The reconstruction of the possible worlds structure by the inverse interpretation morphism is somewhat tricky. To illustrate the idea, consider the following example: assume the predicate logic interpretation maps the domain sort D to the elements {p1,…,pk) and the sort ‘D,W→W’ to the elements {f1,…,fn} (n and k may be infinite). The corresponding possible worlds structure looks as follows: f1(p 1) ° f1(p 1) … f1(p 1) ° f1(p k) … f1(p 1) ° fn(p k) … f1(p k) ° f1(p 1) … f1(p k) ° f1(p k) … f1(p k) ° fn(p k) … fn(p k) ° fn(p k)

f1(p 1)

idM

f1(p k)

fn(p k)

(Notice that also on the semantic side, f(p) is only an abbreviation for ↓(f,p).) Theorem 6.5 Soundness of the Translation If the (initial) M-Logic interpretation ?1M satisfies the M-Logic specification S = (Σ,G) then the translated interpretation Φ?(?1M) satisfies the translated specification ΦS(S). Proof: Let ?1M = (W,R,P,w1,w1,V) and Φ?(?1M) = ?1P = (M,V). First of all we have to show that ?1P is really an OSPL-interpretation, i.e. M is a Σ-structure. The main thing to check here is that the interpretations of the sorts, in particular of the functional sorts, are not empty, that the sort hierarchy is reflected by corresponding set inclusion relations and that the functions match the corresponding sort declarations. The checks are straightforward and therefore skipped. Starting with the initial interpretation where the actual world equals the initial world and the variable assignment is irrelevant (specifications contain only closed formulae), the interpretation process which is formalized in the satisfiability relation goes recursively down into the subformulae. Each time a quantification is encountered, a modified interpretation is generated where the variable assignment binds the quantified variable somehow. Each time a modal operator is encountered, the interpretation is changed again by updating the actual world. In the subsequent inductive proofs we have therefore to consider not the interpretation ? 1 M , but a modified interpretation ? M = ? 1 M [w] = (W,R,P,w1,w,V) where the actual world w is different from the initial world. In the sequel let again tw =def ΦF(t,w). Furthermore let ?P = Φ?(?M) By induction on the term structure we show for a term t the following property (cf. theorem 5.5): for every ?M = ?1M[w]: if ?P(w)(w1) = w then ?M(t) = ?P(tw). ?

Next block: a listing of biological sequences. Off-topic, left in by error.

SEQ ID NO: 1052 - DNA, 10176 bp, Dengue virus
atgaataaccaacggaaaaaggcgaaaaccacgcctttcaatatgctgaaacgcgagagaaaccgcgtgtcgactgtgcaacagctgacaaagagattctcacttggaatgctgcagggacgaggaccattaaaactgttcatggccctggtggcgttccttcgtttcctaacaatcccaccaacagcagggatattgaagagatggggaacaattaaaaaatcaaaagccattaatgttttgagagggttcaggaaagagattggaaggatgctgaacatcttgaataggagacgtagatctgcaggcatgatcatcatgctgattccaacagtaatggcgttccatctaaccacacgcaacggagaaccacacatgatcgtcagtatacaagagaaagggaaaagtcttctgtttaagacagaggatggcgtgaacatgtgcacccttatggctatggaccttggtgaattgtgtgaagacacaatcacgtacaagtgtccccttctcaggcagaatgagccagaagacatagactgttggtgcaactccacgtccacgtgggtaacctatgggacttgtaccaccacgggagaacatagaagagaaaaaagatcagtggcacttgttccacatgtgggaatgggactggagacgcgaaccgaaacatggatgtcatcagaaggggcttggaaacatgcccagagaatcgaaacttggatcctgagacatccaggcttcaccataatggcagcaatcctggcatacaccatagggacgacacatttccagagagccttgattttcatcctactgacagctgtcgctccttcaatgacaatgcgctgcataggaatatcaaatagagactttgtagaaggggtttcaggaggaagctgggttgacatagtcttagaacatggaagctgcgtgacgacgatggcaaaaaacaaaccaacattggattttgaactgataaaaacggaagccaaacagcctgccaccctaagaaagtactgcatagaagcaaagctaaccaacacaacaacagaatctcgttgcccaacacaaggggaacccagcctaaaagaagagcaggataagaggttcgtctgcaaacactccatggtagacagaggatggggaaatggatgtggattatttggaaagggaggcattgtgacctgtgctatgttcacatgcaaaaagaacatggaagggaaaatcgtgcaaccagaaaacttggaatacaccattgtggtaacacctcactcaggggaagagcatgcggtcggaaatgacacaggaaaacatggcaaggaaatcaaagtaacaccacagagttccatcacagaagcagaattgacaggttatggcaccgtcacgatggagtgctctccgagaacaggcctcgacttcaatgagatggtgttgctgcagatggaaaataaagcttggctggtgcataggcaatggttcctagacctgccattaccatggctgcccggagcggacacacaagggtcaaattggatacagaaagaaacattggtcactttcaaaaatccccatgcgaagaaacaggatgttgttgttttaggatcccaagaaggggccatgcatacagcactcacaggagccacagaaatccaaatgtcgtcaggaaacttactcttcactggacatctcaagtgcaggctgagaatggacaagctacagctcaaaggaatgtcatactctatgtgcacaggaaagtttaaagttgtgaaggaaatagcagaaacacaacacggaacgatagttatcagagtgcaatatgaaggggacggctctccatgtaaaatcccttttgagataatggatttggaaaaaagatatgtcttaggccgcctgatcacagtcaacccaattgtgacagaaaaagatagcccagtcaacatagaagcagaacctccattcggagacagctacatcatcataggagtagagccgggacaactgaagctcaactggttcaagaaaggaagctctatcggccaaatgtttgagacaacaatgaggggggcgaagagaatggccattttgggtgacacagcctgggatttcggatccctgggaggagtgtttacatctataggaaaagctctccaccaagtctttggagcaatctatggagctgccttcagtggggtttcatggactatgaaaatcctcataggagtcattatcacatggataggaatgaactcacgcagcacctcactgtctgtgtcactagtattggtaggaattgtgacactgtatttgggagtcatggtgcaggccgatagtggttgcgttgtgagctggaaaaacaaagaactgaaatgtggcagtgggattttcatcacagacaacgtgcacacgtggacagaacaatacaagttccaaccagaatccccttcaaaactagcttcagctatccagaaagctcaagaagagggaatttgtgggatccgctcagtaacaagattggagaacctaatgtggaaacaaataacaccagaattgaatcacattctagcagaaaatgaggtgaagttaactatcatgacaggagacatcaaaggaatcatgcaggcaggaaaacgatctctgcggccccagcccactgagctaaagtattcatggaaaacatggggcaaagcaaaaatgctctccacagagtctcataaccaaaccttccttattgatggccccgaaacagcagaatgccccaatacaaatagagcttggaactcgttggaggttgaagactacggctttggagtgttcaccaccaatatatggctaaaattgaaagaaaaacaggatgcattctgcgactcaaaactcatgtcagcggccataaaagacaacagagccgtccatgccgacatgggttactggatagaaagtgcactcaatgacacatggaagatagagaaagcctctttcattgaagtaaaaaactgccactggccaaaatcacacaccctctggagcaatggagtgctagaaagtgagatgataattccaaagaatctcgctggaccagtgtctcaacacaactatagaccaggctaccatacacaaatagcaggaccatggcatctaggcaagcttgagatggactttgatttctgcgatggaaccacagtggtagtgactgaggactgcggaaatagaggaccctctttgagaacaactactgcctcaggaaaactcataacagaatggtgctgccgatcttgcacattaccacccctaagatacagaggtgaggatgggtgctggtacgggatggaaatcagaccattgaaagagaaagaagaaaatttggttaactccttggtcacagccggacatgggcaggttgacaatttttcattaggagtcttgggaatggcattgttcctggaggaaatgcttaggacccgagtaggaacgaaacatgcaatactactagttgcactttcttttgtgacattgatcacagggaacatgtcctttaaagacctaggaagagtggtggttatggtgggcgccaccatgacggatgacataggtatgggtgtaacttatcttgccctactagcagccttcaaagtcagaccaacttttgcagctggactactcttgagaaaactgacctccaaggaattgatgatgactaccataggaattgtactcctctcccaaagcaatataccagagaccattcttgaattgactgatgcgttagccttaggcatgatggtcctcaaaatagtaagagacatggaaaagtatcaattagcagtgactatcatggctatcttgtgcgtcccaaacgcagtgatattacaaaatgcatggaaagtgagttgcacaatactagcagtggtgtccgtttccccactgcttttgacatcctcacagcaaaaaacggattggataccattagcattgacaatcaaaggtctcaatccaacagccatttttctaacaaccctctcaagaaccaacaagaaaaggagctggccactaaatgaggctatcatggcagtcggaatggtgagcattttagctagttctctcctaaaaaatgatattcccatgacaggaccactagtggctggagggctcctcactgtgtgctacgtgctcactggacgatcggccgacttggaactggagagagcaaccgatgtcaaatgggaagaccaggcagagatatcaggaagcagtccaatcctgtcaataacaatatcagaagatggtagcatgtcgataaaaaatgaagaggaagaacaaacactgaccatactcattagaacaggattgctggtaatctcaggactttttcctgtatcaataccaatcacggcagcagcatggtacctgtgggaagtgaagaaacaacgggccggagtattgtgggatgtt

Journal of Logic and Computation, Vol. 1, no 6, 1991, pp 691-746